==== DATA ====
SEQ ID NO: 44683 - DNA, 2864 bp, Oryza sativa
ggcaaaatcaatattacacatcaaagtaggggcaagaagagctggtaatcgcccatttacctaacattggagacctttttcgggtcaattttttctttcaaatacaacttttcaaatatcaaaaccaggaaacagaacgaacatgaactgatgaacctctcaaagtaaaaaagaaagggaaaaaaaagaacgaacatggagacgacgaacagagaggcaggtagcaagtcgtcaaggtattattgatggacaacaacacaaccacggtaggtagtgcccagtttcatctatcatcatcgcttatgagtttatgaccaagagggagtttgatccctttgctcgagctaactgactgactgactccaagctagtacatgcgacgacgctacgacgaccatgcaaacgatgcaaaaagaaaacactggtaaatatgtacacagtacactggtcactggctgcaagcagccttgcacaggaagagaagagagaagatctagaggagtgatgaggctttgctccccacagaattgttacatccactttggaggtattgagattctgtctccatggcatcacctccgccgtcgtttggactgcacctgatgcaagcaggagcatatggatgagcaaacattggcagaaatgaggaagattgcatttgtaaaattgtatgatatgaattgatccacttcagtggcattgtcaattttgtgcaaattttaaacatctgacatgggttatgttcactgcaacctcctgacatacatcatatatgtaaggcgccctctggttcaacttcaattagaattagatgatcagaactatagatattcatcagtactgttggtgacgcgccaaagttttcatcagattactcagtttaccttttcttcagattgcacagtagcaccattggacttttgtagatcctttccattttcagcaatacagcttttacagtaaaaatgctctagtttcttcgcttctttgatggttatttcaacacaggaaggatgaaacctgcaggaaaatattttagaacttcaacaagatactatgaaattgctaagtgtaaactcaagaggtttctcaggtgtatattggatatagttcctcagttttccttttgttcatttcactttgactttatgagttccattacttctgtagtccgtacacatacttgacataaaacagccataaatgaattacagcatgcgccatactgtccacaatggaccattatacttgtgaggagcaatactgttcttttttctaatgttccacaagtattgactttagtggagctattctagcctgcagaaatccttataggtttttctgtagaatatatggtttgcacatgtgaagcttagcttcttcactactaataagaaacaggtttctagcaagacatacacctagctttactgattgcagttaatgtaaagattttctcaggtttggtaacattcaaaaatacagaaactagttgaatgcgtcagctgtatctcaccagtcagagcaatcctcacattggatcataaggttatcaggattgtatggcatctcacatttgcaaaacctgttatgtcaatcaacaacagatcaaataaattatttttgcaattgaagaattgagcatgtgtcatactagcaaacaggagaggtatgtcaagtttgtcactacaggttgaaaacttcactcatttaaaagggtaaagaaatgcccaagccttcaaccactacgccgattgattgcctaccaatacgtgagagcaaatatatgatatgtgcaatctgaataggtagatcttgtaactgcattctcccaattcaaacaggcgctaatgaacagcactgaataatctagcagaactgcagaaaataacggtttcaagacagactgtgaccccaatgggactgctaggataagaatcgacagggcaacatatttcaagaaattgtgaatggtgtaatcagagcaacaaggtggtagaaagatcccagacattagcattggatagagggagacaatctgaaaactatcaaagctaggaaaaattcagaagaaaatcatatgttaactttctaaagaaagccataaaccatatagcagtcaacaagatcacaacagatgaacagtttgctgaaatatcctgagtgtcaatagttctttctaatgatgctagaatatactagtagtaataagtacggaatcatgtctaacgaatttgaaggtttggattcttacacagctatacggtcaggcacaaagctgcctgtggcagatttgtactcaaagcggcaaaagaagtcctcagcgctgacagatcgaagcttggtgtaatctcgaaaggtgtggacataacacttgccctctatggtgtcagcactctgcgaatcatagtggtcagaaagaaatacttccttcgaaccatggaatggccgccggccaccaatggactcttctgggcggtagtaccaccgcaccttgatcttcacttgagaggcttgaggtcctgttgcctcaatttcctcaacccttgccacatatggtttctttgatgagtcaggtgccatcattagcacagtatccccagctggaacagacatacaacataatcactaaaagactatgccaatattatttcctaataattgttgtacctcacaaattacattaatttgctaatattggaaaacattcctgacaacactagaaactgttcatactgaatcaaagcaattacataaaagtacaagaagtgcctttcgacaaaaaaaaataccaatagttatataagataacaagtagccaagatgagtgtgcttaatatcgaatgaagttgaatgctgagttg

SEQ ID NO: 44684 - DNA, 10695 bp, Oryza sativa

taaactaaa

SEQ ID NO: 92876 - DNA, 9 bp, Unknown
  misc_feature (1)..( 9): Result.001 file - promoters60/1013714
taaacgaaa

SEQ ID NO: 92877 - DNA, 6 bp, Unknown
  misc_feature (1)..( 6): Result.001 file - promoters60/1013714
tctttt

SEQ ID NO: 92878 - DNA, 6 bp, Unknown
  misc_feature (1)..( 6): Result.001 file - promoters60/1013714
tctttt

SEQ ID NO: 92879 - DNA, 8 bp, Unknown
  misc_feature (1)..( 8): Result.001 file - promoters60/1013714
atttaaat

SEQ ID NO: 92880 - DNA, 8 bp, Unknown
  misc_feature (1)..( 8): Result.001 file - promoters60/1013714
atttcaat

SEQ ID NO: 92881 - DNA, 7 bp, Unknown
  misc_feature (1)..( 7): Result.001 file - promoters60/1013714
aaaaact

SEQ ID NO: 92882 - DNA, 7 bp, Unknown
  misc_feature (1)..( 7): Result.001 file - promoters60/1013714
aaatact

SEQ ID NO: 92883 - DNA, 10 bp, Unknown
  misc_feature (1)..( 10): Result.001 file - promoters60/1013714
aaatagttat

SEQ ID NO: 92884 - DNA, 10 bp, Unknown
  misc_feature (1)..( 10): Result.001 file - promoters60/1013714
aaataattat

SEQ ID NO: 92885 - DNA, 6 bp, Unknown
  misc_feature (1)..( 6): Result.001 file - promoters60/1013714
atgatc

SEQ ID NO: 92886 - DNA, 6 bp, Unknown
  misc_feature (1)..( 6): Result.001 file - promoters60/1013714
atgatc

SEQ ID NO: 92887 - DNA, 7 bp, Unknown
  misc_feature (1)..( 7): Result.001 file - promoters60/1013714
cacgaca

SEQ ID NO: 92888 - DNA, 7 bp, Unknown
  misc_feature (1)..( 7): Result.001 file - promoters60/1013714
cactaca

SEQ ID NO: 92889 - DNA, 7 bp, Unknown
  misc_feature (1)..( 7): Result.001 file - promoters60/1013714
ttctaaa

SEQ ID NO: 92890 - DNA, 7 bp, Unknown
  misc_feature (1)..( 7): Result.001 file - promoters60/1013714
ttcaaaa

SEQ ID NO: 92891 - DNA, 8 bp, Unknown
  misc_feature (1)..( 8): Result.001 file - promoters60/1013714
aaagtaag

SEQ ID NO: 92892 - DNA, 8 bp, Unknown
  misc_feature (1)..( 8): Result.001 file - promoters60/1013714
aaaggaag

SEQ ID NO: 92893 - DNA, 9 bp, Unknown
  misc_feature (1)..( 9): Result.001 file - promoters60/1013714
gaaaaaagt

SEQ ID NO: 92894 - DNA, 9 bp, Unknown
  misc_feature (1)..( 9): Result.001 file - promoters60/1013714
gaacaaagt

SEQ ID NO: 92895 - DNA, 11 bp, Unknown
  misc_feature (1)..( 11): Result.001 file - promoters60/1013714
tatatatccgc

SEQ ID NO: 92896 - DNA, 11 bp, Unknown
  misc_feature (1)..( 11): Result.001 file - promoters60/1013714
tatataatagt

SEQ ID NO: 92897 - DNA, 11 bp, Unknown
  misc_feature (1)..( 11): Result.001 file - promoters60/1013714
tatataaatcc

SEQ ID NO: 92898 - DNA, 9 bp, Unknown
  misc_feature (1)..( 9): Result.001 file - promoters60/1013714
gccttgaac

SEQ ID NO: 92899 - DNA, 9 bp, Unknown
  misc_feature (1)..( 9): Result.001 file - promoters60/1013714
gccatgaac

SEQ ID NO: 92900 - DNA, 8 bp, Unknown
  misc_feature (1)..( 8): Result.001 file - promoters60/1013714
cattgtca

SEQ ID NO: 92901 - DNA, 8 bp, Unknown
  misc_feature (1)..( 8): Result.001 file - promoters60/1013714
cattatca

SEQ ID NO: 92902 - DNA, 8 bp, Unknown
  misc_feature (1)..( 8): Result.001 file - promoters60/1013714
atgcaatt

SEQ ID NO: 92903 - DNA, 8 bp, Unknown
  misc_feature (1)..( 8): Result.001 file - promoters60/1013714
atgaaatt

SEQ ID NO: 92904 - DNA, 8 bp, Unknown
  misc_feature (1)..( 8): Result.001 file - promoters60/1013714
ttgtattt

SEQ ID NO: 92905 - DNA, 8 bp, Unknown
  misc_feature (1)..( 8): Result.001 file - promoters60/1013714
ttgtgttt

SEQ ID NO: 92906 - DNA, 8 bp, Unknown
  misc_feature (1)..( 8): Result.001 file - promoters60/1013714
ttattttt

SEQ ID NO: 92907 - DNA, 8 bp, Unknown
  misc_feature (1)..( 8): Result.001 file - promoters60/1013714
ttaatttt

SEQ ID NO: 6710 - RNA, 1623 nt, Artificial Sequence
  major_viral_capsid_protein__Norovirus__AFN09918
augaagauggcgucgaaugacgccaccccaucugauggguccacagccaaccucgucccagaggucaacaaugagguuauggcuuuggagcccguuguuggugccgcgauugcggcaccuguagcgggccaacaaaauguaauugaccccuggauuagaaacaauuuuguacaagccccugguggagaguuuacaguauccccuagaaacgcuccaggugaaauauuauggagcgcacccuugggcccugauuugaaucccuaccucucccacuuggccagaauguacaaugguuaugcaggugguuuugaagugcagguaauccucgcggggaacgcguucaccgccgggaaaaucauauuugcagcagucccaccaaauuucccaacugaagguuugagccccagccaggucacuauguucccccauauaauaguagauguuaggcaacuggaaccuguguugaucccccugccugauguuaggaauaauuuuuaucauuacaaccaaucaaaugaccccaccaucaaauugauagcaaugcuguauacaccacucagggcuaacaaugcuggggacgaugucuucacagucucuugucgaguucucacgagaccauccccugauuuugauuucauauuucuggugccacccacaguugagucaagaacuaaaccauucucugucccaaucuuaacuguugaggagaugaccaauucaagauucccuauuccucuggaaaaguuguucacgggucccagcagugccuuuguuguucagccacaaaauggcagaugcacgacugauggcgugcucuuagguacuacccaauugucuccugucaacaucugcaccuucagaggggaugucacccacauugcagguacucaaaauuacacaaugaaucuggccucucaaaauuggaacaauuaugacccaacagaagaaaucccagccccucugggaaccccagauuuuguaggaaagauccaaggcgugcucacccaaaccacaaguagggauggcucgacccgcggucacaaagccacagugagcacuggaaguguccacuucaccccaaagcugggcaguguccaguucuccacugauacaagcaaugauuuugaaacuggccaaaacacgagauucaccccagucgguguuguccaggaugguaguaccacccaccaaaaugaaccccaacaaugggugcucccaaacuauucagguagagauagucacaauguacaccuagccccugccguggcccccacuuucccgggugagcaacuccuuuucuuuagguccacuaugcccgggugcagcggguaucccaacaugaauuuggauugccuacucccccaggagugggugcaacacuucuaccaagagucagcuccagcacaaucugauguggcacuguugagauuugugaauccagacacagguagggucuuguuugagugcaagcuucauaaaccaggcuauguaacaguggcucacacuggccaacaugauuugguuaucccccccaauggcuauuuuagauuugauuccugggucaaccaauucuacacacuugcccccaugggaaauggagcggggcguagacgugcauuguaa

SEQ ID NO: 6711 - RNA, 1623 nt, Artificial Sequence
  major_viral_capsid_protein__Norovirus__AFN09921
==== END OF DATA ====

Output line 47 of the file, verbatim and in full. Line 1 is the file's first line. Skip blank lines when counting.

SEQ ID NO: 92890 - DNA, 7 bp, Unknown